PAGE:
Chester Osborn is quite a character.
If you saw him in the corner of a pub with his long curly hair and his snakeskin jacket you might say there is the star of some eighties rock band. Can’t quite remember the group but he must have done well, he looks happy and well fed.
If he then turned to you with a bottle covered in medals in one hand, a glass swirling with good wine in the other and, without pauses, talked passionately about the soil, the vines, the growing season, the winemaking and maturation techniques, the aromas and flavours down to the last detail, you might think you have the wrong man.
Undoubtedly Chester likes his music but he is in fact the fourth generation of a winemaking family made famous by, and adding fame to, the McLaren Vale region of South Australia.
D’Arenberg with the red striped labels is a name much loved by those who know this district and its wines.
In 1912 Joseph Osborn, then a director for Thomas Hardy and Sons, sold his stable of prized horses to buy the land that now holds the vineyards and winery in the gentle hills south of Adelaide. His son Frank joined him and in 1959 his son Francis, known as d’Arry, introduced the d’Arenberg name in honour of his mother and the red stripe from his alma mater Prince Alfred College.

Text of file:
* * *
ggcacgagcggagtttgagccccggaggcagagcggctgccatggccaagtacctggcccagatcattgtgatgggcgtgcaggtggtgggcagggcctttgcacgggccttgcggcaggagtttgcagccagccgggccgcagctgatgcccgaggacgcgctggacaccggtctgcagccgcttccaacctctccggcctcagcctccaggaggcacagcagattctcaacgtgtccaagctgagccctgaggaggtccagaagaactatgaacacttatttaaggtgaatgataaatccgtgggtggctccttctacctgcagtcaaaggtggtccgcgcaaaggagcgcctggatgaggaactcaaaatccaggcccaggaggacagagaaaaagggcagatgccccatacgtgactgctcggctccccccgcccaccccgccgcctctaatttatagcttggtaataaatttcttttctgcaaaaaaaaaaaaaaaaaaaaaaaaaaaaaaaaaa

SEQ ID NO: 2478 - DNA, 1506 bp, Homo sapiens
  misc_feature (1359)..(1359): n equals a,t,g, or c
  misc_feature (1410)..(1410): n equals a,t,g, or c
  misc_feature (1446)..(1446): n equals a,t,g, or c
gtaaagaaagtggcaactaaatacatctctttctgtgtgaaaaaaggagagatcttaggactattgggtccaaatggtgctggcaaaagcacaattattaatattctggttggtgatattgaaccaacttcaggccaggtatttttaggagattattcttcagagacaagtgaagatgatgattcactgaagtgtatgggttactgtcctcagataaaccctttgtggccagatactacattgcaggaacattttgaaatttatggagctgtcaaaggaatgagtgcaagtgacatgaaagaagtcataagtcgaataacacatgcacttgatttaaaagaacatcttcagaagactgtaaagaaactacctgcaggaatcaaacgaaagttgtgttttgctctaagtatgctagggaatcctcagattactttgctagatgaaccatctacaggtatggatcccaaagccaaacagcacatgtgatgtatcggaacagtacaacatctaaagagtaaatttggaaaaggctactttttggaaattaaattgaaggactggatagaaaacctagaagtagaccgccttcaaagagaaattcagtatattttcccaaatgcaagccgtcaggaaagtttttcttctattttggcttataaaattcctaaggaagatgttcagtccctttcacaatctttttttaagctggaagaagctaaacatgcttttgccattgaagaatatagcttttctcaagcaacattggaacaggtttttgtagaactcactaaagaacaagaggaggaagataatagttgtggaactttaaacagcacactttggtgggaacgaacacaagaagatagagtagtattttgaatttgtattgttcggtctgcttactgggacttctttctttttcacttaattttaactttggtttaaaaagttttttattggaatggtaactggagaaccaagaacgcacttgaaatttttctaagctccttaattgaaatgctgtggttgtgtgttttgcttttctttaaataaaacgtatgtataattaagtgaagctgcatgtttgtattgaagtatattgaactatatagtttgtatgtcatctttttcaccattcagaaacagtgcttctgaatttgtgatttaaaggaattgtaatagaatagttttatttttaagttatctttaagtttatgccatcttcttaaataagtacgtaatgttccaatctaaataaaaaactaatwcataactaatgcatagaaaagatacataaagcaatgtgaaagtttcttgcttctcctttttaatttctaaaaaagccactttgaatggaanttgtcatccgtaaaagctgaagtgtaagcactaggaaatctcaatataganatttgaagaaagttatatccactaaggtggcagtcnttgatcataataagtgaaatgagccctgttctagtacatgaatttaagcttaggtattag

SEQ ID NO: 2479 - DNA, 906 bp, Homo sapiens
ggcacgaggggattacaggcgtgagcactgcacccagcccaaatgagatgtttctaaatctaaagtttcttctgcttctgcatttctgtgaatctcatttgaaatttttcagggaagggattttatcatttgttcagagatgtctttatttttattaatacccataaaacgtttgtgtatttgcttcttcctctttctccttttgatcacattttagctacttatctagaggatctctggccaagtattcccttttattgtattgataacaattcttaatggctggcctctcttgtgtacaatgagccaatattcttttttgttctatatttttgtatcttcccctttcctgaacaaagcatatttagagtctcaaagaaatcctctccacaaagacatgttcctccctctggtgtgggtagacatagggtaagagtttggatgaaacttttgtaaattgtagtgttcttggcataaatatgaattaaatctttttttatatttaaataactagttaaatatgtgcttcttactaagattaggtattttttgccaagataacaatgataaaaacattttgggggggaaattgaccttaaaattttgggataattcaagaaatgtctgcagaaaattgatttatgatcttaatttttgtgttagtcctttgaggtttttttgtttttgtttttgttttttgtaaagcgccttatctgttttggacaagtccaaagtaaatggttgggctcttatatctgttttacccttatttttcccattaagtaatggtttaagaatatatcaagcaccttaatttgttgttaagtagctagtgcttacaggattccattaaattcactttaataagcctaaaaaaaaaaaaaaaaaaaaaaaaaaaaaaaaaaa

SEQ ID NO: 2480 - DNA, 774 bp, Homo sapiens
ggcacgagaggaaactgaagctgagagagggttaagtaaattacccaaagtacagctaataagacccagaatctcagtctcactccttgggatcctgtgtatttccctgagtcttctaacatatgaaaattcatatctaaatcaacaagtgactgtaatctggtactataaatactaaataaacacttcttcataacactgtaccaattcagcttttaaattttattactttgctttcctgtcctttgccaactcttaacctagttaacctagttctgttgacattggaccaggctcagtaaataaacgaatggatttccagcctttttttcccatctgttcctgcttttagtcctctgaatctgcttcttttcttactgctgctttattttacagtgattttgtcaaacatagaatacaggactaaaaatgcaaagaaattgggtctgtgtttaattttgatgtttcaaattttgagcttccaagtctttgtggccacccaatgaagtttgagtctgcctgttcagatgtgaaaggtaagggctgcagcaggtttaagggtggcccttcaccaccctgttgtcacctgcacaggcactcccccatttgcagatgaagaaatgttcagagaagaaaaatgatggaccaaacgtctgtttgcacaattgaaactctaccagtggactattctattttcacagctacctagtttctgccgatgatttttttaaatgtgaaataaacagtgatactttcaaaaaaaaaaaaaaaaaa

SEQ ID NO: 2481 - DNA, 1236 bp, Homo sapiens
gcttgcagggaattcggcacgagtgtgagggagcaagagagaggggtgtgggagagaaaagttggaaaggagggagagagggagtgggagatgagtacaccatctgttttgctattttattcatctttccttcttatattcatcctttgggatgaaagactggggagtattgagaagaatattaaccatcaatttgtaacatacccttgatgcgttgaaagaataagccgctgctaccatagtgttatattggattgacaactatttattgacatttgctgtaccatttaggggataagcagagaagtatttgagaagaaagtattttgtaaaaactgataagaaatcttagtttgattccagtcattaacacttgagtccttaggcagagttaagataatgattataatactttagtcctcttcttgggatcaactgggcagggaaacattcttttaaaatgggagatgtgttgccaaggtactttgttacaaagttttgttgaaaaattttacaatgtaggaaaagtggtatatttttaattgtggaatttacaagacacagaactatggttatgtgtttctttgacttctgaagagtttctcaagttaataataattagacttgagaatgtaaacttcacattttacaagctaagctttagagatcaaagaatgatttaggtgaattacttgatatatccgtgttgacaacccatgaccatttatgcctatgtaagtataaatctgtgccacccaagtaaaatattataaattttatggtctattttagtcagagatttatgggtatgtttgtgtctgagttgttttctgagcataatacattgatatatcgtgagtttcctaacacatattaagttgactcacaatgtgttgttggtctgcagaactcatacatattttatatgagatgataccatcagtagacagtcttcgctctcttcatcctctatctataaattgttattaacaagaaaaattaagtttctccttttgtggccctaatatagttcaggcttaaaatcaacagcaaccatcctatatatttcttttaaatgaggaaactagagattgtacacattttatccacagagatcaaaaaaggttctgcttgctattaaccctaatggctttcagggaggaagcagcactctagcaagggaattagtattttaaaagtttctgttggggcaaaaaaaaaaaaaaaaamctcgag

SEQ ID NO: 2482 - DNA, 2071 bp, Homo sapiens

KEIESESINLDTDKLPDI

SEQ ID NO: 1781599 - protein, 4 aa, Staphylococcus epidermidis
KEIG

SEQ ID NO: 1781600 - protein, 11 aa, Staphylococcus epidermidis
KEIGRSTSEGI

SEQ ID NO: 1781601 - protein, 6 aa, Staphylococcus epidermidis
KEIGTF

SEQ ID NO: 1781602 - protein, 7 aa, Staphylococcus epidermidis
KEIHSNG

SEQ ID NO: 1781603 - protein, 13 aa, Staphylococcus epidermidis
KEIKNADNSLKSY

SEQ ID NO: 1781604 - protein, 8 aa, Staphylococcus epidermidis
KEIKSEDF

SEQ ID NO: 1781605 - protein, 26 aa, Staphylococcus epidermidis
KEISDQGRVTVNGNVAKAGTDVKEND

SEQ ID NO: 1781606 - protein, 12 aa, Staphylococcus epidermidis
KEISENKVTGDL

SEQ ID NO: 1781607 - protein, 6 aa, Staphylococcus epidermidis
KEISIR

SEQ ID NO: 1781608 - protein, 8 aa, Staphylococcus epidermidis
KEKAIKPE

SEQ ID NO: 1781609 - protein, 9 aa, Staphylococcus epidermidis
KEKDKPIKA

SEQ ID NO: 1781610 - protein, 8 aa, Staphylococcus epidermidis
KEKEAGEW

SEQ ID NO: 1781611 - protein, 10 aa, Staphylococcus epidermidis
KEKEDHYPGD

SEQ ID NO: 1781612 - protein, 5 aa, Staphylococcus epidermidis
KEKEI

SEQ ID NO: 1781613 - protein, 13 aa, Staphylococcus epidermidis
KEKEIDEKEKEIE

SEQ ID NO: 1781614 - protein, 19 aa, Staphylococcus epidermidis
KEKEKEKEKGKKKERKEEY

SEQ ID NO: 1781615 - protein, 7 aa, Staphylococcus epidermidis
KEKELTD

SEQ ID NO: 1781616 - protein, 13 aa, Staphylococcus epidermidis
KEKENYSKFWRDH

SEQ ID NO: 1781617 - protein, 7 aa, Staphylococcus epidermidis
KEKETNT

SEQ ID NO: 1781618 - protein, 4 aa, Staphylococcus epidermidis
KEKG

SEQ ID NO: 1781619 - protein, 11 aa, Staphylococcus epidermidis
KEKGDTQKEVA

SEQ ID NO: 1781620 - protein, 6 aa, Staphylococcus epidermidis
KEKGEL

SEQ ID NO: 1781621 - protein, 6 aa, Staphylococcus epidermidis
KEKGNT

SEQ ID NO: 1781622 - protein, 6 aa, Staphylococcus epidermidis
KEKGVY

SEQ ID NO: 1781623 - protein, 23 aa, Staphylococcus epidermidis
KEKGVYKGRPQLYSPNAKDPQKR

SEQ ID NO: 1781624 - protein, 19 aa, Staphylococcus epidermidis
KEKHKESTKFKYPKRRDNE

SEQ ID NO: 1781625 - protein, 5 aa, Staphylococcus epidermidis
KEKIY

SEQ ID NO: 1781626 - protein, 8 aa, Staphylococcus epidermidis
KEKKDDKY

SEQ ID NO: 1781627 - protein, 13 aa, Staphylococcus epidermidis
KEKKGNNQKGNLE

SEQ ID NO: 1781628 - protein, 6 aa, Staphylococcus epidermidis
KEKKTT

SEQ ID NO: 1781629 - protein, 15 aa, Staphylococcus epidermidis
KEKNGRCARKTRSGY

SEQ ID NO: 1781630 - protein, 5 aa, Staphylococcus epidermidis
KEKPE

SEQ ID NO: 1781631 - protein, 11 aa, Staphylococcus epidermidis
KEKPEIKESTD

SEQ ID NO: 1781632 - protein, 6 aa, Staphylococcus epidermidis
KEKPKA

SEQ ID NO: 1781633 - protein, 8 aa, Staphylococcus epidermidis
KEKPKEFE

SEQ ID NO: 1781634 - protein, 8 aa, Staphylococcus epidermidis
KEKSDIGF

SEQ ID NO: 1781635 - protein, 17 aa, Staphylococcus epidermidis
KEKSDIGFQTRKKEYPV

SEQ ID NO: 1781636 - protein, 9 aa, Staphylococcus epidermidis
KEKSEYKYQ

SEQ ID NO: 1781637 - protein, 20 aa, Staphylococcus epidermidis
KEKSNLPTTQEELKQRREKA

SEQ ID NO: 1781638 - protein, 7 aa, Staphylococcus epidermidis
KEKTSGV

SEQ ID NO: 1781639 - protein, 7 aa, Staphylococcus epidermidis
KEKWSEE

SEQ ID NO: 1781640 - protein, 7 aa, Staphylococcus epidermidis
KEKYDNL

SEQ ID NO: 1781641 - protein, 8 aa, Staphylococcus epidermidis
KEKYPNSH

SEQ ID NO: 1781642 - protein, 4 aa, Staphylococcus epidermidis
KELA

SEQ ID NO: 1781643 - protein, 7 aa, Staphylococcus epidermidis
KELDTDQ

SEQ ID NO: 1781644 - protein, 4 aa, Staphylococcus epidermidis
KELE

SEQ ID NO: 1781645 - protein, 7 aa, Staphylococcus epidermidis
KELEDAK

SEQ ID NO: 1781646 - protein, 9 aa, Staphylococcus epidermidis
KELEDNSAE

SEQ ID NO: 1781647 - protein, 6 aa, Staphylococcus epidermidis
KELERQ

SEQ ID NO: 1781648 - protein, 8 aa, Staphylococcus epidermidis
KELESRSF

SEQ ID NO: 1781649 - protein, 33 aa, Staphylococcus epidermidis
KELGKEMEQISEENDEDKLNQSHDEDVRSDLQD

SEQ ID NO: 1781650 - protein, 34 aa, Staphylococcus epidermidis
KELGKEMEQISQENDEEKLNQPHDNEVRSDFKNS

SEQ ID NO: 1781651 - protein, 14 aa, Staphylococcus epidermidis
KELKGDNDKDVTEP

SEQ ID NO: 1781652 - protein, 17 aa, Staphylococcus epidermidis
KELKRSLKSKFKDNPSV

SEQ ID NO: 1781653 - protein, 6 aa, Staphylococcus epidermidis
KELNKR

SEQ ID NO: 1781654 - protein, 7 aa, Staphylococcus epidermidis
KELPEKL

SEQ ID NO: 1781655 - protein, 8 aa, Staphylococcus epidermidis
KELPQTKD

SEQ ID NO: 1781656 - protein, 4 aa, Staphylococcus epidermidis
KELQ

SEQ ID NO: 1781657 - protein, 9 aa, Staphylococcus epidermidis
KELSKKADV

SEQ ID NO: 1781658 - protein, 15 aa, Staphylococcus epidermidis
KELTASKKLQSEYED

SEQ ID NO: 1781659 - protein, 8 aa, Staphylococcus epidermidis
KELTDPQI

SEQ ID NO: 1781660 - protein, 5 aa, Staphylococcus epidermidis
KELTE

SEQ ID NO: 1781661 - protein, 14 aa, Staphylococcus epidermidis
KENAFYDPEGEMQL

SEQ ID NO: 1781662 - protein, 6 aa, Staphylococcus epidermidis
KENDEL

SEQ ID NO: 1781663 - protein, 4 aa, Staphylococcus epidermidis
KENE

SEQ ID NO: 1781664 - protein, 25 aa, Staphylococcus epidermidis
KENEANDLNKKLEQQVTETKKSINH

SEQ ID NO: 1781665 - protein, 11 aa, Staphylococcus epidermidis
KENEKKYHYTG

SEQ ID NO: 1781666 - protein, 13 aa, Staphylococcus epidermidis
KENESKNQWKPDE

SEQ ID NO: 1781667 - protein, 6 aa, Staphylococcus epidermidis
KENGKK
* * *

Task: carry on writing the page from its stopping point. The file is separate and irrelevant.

His son, Chester took over as chief winemaker in 1984.
Today he produces a luscious range of reds, mainly from the traditional varieties the district in renowned for: shiraz, grenache, cabernet, and some less well known tempranillo, and sangiovese.
There is a very wide range of singles and blends with fabulously imaginative names. The explanations on the back labels are nearly as much fun as sharing a glass with Chester.
For his most elegant whites he brings in grapes from the high altitude Adelaide Hills, but also make some very respectable riesling and chardonnay from the home blocks. He makes sparkling wines and he makes magnificent fortified wines with lovely labels based on original artwork highlighted by the red stripe.
A busy man.
But wait, there’s more.
For some ten years he has been thinking about a landmark building among his grapevines. Something that reflects his family’s philosophy. The five-storey multi purpose structure containing tasting rooms, bars, restaurant and offices is now under construction with daily pictures being uploaded so he can share its progress with the world. Chester thinks winemaking is all about solving a series of interconnecting problems until you have the perfect result. He has called his icon The Cube and, appearing to float among the rows of mourvedre vines, it will be a tourist magnet for this delightful part of the world.
Have a preview of d’Arenberg’s many faceted wines and watch The Cube as it grows at www.darenberg.com.au